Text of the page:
In April 1934, a small elderly lady hurried into the temporary Australian War Memorial exhibition in Sydney.
Approaching the nearest attendant, she asked breathlessly: “Will you please show me where the Emden Bell is? I’d like to see it before it is stolen again.”
The tale of the Emden Bell is one of the more unusual stories from the Memorial’s collection.
Recovered from the wreck of the first enemy ship sunk by the Royal Australian Navy during the First World War, the bell was twice stolen and recovered in high-profile cases that captured the public imagination and made newspaper headlines around the country.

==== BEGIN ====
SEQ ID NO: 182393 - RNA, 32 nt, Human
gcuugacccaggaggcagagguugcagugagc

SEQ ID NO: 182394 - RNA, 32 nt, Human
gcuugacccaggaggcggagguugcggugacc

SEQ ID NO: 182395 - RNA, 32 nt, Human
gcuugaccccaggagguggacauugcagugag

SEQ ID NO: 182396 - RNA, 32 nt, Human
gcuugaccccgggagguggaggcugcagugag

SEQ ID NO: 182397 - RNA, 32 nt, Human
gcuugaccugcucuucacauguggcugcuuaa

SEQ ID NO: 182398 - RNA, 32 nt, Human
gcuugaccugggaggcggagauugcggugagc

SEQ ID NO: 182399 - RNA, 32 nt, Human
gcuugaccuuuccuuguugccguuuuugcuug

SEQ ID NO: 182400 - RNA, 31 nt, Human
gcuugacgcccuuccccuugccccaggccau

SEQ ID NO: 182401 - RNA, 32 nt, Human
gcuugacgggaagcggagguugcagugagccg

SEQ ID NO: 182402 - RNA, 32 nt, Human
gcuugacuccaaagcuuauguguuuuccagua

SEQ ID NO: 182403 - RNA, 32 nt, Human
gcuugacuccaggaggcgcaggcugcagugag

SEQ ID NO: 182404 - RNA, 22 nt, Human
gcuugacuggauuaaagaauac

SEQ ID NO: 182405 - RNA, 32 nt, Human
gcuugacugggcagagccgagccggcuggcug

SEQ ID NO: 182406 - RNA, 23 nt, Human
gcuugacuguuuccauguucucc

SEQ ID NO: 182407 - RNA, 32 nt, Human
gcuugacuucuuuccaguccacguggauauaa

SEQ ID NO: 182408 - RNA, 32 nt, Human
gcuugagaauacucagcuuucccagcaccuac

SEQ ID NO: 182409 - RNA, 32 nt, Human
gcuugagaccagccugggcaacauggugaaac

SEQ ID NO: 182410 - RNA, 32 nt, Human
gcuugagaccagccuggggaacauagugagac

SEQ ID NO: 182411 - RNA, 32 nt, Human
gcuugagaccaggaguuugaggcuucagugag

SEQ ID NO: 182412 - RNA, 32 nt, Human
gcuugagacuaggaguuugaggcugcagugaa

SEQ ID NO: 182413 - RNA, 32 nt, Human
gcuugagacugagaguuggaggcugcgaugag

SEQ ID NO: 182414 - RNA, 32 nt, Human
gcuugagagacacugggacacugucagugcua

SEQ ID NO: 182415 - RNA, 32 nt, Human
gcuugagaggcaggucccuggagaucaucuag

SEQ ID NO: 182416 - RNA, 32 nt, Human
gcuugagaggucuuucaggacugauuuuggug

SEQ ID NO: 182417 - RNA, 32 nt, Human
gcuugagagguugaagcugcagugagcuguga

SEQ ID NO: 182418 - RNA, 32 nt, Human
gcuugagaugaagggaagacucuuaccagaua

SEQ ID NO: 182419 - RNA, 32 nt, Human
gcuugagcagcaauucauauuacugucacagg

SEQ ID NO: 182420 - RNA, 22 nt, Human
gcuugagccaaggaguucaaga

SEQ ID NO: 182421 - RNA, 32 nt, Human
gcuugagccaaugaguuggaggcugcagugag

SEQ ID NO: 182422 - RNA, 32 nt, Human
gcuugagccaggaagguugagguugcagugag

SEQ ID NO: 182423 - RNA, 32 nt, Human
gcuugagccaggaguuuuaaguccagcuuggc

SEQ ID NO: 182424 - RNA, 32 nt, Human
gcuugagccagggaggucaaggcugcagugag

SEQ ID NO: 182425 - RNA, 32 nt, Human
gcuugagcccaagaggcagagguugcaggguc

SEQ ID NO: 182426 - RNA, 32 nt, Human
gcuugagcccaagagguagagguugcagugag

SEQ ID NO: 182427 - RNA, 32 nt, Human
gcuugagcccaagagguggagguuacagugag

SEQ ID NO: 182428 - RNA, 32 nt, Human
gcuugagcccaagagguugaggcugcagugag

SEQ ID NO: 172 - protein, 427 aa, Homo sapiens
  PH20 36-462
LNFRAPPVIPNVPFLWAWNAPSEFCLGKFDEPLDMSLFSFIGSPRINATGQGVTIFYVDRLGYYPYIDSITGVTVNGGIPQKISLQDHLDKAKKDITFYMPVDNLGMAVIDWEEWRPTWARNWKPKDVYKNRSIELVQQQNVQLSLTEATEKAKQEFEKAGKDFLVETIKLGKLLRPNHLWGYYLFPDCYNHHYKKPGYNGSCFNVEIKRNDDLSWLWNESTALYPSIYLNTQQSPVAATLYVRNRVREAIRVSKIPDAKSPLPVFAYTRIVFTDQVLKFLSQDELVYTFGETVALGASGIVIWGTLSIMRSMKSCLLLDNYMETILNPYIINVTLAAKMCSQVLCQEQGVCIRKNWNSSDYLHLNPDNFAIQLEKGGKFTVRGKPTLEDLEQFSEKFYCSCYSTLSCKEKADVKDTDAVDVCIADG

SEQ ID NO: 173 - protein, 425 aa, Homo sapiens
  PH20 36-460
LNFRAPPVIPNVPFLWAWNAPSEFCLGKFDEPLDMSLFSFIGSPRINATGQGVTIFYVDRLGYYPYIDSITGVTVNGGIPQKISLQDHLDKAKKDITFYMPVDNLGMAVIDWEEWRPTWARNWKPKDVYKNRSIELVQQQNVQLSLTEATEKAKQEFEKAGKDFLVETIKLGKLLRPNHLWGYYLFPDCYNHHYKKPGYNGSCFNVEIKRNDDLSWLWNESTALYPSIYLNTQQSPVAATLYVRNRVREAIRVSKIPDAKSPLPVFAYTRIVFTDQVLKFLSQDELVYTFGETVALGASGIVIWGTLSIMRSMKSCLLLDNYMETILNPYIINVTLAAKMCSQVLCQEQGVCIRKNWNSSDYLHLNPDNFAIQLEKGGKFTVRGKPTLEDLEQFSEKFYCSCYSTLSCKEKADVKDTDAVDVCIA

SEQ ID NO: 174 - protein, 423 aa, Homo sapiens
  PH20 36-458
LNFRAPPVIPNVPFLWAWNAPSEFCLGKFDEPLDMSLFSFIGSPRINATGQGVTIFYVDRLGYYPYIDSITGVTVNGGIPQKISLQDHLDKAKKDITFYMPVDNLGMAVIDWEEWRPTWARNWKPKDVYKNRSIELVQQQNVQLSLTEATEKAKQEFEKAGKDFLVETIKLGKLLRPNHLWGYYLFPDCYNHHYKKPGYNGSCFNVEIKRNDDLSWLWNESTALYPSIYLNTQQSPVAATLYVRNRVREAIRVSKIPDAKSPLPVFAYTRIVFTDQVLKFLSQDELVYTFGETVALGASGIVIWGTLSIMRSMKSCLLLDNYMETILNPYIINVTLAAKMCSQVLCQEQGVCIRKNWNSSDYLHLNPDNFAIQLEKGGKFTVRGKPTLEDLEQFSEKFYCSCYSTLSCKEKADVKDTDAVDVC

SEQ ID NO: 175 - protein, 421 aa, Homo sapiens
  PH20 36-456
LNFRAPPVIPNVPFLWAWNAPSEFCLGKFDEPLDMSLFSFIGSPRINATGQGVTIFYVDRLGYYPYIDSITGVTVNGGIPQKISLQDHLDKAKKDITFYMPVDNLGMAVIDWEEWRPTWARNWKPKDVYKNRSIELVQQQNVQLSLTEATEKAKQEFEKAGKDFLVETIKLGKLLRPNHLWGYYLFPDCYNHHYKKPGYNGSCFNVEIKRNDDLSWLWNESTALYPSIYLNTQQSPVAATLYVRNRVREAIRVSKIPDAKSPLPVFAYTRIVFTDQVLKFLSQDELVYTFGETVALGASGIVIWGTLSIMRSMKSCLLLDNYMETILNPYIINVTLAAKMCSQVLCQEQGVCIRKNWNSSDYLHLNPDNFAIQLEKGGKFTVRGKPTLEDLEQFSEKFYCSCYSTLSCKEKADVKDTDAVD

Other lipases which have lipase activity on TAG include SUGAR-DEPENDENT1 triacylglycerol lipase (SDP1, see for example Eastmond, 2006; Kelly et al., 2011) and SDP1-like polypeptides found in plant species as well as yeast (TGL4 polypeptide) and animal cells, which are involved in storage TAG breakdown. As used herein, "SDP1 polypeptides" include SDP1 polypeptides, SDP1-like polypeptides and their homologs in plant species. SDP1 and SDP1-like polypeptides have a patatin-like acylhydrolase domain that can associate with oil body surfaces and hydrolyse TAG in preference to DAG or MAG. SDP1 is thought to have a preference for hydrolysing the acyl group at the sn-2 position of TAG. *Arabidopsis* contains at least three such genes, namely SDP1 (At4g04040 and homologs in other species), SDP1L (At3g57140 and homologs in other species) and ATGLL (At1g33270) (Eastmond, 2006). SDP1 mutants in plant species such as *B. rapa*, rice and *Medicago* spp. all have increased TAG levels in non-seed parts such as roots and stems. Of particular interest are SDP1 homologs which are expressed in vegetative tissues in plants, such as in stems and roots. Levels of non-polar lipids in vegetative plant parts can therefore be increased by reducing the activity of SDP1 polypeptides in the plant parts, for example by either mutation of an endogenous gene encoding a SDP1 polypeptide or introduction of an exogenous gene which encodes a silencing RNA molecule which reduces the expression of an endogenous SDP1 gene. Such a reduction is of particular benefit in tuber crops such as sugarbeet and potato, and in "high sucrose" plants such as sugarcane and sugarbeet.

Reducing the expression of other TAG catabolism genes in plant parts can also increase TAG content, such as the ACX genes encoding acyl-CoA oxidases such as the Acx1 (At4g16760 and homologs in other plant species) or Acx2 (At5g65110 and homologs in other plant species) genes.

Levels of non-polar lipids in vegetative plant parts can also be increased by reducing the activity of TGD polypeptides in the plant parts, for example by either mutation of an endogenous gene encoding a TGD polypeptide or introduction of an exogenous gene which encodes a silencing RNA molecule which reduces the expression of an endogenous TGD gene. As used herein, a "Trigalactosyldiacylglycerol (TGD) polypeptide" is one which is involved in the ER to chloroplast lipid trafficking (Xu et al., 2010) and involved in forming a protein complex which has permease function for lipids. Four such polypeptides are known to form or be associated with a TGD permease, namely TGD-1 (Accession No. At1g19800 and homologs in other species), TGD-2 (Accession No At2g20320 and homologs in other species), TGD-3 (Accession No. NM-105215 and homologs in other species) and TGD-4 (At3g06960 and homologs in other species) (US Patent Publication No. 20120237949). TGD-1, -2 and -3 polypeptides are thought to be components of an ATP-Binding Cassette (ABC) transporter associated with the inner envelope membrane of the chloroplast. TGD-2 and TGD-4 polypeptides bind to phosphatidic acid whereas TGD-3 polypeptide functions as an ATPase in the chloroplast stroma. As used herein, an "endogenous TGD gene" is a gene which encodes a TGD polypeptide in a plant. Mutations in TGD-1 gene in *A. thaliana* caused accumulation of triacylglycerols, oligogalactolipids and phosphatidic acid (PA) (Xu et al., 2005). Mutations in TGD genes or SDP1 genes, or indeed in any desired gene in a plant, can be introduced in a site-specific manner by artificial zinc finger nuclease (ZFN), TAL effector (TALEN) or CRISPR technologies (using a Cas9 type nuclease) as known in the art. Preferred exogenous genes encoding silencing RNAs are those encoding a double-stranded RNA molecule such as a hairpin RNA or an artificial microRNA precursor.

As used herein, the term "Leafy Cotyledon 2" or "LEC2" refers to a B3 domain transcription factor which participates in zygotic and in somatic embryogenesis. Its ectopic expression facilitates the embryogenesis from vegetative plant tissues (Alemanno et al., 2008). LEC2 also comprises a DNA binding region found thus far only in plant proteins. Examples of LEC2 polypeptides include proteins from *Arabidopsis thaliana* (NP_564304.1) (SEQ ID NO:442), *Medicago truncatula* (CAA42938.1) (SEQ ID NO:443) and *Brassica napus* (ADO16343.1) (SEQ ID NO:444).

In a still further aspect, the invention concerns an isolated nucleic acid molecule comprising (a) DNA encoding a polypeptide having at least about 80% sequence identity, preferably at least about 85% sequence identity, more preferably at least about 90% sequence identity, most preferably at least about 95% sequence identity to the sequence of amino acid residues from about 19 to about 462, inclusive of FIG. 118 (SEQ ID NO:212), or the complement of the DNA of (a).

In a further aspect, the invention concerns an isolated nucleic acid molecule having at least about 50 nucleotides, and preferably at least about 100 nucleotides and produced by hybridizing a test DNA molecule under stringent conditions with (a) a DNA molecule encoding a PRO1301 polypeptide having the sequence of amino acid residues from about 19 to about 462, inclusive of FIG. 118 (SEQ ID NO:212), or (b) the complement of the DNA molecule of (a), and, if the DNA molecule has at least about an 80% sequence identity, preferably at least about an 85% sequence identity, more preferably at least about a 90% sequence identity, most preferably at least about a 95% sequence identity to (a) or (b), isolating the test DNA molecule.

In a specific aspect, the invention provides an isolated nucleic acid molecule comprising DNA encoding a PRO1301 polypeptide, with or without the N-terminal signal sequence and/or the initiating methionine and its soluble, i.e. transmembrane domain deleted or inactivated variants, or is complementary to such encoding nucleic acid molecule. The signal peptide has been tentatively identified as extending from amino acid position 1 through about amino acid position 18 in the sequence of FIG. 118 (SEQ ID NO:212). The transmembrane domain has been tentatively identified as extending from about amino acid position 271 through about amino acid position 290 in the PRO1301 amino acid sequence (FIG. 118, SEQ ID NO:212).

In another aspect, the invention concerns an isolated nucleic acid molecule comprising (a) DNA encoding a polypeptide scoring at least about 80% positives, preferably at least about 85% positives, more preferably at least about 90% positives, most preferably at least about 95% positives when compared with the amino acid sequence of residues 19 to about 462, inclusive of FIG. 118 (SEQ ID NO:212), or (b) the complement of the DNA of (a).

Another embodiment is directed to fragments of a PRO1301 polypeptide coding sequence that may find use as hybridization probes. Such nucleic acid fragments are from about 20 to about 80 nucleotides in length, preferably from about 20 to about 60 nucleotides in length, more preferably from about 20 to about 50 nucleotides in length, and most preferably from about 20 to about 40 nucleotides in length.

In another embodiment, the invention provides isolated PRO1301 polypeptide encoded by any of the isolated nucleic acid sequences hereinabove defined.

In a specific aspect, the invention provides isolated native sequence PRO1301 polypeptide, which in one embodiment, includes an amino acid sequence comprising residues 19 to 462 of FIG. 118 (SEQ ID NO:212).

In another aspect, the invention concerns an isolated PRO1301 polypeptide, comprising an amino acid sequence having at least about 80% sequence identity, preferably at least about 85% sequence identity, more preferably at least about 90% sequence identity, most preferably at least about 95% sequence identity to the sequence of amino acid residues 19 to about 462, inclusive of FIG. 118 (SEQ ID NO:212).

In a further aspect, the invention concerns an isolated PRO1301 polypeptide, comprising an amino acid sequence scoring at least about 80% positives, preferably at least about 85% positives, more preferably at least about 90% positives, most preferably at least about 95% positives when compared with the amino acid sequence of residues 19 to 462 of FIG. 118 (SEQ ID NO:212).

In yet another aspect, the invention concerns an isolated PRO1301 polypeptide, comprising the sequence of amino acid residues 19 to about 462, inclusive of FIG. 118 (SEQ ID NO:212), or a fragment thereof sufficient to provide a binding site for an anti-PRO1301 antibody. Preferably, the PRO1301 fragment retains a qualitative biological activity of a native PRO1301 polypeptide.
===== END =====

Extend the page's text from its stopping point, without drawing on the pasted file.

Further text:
The bell came from SMS Emden, a German cruiser that had been stalking shipping routes across the Indian Ocean and south-east Asia from August 1914, wreaking havoc on Allied shipping.
Emden became the scourge of the Allied navies, capturing or sinking 21 vessels before being attacked, driven aground and destroyed by HMAS Sydney at the Cocos (Keeling) Islands on 9 November 1914.